mod_rewrite is cool.

As I mentioned in an earlier entry, I recently upgraded by blogging software to WordPress. WordPress uses mod_rewrite to support it’s pretty URL system. This works by defining a set rewrite rules base on regular expressions. For example, every time you call apache internally rewrites the URL as /blog/index.php?year=2005&monthnum=04&name=the-importance-of-a-rare-name. This is not a redirect, the browser thinks it is pointed the pretty URL apache actually uses index.php instead. This behavior is nice, but it lead me to something even better.

I realized today that the perma-links generated by my previous blogging software were now 404s. mod_rewrite to the rescue, I just added a new rule so that the URLs generated are now are rewritten to call WordPress instead. That means that if anyone linked to the existing posts, those links are not broken any more. And it only cost one line in a config file. Now, that is sweet.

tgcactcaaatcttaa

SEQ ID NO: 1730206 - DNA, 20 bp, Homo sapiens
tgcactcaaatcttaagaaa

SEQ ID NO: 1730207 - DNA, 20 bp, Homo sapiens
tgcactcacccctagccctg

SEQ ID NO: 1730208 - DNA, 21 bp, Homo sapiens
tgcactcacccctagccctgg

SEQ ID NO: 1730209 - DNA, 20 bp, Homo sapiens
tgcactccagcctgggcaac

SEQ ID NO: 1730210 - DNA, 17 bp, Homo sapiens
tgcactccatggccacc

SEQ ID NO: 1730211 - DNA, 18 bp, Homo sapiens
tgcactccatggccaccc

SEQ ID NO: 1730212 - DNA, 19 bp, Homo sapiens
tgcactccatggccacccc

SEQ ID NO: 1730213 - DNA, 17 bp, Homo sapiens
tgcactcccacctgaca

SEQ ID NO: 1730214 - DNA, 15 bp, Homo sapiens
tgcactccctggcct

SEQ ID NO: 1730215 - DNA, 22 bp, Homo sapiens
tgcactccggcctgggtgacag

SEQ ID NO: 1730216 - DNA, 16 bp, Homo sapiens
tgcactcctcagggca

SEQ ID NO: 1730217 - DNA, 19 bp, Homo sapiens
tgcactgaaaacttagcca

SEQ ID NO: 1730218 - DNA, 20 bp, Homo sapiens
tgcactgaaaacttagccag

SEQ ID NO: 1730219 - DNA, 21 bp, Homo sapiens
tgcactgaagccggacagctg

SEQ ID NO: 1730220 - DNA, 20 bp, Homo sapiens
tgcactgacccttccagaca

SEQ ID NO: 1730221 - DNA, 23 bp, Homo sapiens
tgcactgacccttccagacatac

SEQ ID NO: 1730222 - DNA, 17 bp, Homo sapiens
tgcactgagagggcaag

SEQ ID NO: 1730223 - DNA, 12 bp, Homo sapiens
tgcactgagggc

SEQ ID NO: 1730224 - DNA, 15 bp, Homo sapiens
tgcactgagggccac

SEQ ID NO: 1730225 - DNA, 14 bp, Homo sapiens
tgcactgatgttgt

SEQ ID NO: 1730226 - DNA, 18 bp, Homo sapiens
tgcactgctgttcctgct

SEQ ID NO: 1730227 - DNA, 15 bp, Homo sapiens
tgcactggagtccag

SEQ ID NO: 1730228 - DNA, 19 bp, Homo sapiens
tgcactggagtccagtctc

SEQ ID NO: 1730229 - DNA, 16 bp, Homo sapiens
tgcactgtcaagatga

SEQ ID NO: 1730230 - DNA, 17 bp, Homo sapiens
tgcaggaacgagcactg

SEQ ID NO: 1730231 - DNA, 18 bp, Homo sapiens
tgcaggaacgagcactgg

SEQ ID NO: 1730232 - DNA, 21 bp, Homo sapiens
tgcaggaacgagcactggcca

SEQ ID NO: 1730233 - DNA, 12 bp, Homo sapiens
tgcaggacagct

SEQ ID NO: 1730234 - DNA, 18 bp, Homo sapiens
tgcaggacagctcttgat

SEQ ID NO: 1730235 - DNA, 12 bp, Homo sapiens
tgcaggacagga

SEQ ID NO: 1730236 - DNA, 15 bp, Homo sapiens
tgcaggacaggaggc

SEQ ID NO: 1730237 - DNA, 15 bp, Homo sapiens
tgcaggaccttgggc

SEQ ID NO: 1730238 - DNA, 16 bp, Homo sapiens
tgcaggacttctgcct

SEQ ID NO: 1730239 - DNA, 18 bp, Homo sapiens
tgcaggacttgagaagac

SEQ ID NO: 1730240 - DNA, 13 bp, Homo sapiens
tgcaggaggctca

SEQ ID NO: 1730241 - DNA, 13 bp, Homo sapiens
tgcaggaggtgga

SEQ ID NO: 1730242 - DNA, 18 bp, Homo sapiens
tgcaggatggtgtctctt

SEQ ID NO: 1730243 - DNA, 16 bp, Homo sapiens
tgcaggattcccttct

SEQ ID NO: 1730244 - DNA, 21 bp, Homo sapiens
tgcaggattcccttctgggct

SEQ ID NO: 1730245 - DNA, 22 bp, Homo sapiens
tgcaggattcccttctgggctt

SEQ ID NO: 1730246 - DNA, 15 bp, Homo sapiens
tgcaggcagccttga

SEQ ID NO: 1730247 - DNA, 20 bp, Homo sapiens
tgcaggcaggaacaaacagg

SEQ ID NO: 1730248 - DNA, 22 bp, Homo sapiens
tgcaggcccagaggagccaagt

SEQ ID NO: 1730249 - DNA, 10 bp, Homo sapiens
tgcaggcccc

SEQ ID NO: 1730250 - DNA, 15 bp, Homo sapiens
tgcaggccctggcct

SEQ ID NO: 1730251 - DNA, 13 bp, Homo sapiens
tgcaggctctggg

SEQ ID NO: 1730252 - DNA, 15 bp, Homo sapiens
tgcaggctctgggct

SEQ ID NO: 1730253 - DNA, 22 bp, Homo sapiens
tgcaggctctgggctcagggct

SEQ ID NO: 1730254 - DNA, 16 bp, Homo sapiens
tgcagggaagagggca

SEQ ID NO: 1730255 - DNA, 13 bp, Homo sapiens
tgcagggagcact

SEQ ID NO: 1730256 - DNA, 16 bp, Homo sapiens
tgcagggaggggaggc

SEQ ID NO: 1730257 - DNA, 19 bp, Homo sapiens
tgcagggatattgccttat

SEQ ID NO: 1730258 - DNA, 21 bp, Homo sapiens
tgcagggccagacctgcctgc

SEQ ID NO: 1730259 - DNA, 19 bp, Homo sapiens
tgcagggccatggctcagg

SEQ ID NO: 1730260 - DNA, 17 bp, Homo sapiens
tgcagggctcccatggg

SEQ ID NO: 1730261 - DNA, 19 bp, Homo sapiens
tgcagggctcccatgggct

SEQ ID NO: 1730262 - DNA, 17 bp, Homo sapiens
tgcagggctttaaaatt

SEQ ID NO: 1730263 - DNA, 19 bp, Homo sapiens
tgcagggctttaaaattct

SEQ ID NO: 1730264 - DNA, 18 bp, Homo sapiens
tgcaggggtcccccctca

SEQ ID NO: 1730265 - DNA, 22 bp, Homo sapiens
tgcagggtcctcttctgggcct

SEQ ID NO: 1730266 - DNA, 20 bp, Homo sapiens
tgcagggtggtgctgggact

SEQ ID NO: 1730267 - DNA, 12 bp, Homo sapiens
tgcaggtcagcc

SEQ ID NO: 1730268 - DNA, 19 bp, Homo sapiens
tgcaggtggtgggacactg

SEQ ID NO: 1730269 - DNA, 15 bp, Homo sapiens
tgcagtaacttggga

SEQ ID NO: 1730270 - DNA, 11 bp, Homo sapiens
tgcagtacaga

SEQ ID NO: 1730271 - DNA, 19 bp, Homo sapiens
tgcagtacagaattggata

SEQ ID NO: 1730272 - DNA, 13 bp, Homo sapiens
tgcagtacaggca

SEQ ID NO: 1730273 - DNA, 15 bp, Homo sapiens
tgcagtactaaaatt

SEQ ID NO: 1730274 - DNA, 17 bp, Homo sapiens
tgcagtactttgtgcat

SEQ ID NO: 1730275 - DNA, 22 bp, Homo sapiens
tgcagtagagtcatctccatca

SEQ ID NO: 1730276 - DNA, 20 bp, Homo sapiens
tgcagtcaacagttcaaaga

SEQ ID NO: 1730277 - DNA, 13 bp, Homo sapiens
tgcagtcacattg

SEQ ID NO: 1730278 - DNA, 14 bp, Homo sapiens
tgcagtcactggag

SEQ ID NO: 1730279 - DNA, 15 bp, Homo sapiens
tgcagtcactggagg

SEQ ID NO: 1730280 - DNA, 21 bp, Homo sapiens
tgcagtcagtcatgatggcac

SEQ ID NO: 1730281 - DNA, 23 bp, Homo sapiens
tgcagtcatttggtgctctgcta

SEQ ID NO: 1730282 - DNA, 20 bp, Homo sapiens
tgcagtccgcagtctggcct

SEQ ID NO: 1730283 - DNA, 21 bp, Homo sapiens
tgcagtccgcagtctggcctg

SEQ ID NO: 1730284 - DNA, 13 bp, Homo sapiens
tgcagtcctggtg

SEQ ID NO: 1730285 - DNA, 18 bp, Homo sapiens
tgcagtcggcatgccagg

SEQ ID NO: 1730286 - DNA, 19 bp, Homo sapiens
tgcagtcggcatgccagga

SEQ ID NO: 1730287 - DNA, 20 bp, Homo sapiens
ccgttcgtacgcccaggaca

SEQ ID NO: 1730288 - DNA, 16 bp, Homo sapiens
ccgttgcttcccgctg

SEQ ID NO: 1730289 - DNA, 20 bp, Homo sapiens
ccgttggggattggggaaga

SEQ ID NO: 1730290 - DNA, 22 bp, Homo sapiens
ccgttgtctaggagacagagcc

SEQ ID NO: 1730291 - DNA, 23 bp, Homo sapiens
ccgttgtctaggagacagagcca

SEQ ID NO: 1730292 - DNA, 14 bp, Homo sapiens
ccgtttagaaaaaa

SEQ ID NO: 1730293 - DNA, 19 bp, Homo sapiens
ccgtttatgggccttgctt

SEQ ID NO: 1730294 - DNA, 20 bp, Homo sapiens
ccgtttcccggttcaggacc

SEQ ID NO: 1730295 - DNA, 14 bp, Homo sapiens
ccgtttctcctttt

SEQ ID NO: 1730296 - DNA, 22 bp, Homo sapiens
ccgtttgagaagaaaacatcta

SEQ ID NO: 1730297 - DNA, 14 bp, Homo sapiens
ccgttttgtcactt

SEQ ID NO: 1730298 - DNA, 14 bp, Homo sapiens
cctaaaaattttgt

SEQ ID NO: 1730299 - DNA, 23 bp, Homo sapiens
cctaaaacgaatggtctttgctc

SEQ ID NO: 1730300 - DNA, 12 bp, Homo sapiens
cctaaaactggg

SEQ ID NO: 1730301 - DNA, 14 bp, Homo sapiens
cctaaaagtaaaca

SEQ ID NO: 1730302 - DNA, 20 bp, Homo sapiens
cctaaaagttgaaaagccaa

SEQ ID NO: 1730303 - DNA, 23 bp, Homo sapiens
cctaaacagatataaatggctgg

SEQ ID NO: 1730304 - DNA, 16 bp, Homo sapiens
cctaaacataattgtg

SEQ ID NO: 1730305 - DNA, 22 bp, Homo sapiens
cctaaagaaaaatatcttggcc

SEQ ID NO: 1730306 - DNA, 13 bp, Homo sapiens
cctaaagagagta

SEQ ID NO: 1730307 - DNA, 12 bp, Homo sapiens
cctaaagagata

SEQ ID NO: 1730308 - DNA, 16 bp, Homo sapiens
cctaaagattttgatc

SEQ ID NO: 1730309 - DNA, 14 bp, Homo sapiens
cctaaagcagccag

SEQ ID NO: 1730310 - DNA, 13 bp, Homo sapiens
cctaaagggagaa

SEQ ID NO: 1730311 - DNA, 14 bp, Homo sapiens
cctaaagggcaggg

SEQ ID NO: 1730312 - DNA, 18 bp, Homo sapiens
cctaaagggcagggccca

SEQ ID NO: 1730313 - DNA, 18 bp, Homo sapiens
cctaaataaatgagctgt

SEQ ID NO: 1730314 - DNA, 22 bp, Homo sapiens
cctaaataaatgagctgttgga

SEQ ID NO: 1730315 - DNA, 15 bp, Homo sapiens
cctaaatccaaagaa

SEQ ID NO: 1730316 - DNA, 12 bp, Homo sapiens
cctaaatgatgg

2 thoughts on “mod_rewrite

  1. I don’t understand how you’re doing this redirect from the old URLs. Do you mean the blog software is configured to recognize the patterns and make a substitution when it generates the pages? Explain it in more detail.

  2. It is pattern matching. Basically you write a regular expression that matches the original URI and the constructs the new, rewritten, URI based on parts of the originally URI. The URI rewriting happens in apache, before it gets to the blog software. But the blog software builds the rewrite rule for you based on a simple specification.

    The basic rewrite rule is

    RewriteBase /blog/
    RewriteRule ^([0-9]{4})/([0-9]{1,2})/([^/]+)/?([0-9]+)?/?$ /blog/index.php?year=$1&monthnum=$2&name=$3&page=$4 [QSA,L]

    The $n bits are back references to the sub-matches (the bits in parenthesis) of the regular expression.

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